Cetaceans, seals and birds become entangled in anti-predator nets, which surround fish farms. The exact figures relating to cetacean entanglement are not available, but the information that is available suggests that a significant number of cetaceans are dying as a result of entanglement in anti-predator nets each year.
Seal scrammers are acoustic devices, which are used to deter seals from taking fish from the sea cages. The intensity of the sound emitted causes pain and suffering to the seals. They do, however, become habituated to the sound and therefore the deterrent effect of the scrammers is significantly reduced. The evidence suggests that these devices have adverse effects upon cetaceans. Research in a number of countries has shown that cetacean populations have left and not returned to areas where scrammers were used.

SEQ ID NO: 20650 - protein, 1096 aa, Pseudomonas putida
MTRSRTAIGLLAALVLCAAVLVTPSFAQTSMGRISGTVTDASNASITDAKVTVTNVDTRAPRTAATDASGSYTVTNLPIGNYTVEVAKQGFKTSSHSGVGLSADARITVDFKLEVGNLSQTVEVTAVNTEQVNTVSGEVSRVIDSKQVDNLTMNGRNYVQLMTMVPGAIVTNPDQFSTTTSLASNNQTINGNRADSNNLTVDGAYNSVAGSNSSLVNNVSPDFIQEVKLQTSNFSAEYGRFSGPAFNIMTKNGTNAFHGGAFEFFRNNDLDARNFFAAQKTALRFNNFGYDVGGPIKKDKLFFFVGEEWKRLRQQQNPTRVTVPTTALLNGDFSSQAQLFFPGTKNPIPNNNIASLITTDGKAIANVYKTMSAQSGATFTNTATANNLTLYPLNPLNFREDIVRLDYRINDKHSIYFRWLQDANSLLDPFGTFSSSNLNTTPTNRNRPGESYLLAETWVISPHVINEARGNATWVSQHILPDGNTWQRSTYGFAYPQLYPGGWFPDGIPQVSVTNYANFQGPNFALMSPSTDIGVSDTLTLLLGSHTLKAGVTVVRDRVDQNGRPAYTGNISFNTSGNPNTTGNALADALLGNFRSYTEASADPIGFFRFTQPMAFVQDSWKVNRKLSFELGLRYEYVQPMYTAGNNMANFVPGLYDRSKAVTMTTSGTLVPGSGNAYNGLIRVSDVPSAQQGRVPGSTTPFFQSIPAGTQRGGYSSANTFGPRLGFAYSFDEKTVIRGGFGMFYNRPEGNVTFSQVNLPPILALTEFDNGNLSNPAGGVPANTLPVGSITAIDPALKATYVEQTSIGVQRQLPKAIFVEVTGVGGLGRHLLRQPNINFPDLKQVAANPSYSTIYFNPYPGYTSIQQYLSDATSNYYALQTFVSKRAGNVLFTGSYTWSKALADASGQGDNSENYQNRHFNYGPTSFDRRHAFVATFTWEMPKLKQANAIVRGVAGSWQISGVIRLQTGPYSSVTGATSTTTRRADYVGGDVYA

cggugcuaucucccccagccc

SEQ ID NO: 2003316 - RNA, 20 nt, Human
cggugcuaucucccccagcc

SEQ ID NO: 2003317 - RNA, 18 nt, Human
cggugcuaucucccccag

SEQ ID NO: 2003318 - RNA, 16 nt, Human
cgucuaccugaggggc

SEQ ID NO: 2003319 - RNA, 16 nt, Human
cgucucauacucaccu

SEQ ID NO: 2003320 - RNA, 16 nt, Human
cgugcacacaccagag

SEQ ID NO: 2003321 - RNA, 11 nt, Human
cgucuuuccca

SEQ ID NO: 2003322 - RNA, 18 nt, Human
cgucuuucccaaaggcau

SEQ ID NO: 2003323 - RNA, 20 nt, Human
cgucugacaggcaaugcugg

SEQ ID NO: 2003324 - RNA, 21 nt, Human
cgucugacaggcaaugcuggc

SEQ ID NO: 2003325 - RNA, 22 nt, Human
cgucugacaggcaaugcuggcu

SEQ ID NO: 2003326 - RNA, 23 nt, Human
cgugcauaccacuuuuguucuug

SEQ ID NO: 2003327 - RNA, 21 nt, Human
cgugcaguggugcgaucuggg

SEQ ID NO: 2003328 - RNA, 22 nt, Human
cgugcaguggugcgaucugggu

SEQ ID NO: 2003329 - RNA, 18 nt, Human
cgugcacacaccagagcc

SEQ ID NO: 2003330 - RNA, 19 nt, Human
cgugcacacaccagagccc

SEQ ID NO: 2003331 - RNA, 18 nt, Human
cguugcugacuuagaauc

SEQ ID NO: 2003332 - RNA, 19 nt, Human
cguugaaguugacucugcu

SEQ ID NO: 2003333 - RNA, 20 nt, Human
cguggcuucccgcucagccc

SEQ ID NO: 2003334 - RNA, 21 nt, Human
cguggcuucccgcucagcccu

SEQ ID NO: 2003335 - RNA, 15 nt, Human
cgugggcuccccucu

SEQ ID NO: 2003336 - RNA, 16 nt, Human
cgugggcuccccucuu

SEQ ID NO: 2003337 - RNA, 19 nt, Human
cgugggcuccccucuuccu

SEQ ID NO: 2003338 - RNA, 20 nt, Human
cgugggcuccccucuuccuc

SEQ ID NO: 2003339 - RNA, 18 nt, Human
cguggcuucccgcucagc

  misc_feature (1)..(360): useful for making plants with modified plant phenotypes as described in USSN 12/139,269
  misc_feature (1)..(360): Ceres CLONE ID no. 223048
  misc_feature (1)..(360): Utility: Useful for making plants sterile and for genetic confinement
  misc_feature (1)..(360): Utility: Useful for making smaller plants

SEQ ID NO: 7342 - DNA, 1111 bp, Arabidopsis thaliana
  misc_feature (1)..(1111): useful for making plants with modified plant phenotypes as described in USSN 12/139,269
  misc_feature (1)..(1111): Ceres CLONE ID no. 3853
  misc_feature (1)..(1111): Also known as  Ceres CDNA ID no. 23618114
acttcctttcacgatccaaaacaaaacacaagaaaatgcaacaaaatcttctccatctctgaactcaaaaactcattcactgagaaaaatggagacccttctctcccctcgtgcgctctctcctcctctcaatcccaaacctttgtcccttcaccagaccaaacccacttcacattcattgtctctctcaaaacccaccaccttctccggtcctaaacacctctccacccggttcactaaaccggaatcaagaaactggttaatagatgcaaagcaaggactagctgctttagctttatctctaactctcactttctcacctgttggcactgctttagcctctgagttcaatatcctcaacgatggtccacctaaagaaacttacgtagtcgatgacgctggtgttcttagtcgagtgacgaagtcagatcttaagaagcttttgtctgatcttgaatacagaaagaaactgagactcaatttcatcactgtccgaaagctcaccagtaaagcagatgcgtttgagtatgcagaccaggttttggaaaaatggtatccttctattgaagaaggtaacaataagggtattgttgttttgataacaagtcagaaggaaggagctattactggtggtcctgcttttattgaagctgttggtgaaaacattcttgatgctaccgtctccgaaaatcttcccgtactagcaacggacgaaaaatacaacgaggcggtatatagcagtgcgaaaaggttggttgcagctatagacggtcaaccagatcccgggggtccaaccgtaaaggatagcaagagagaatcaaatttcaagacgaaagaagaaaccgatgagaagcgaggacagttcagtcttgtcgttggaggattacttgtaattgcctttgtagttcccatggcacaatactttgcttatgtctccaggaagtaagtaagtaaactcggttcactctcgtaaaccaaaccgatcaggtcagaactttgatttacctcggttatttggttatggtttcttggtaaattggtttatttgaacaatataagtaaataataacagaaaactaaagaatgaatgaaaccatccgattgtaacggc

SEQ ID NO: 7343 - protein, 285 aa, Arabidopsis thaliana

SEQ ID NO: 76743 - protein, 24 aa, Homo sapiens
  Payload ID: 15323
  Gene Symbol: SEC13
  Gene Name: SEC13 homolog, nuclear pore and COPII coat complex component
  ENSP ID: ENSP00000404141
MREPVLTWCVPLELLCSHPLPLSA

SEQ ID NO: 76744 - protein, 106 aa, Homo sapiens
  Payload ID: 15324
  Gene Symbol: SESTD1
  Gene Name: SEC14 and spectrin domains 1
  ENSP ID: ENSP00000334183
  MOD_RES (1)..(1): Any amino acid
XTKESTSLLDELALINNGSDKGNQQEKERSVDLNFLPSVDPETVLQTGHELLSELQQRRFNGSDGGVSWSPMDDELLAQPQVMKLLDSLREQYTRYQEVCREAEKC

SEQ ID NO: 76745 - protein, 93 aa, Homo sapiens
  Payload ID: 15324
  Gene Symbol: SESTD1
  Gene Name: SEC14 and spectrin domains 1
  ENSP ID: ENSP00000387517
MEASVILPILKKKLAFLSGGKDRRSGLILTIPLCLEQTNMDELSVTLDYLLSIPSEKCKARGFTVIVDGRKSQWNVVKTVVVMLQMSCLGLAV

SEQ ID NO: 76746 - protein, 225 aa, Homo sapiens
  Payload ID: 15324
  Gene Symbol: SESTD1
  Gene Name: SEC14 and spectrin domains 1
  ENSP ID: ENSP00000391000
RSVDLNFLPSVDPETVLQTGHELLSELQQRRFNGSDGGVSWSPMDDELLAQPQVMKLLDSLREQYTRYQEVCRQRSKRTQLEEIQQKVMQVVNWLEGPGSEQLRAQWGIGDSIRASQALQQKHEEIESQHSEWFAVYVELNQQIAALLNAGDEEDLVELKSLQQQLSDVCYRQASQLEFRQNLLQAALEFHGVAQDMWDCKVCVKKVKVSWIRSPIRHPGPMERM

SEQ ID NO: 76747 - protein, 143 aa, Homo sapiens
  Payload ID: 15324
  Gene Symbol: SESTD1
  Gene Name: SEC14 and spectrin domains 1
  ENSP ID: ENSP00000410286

Significant numbers of seals are shot in order to prevent them taking fish from the sea cages. There is also evidence that cetaceans and birds are also shot. Many are not killed initially, but die after days or even weeks of horrendous suffering. There are no available figures for the numbers of cetaceans and birds shot each year. However, there are approximate figures for the number seals– 3,500 each year.
Evidence suggests that the pollution from sea cage fish farms is destroying the marine environment, and causing harm to cetacean populations. Research in a number of countries indicates that cetaceans, inhabiting areas in close proximity to sea cage fish farms, have higher incidences of skin disease, and higher levels of toxic burden. The research also suggests that the mortality rate of first – born calves is significantly higher.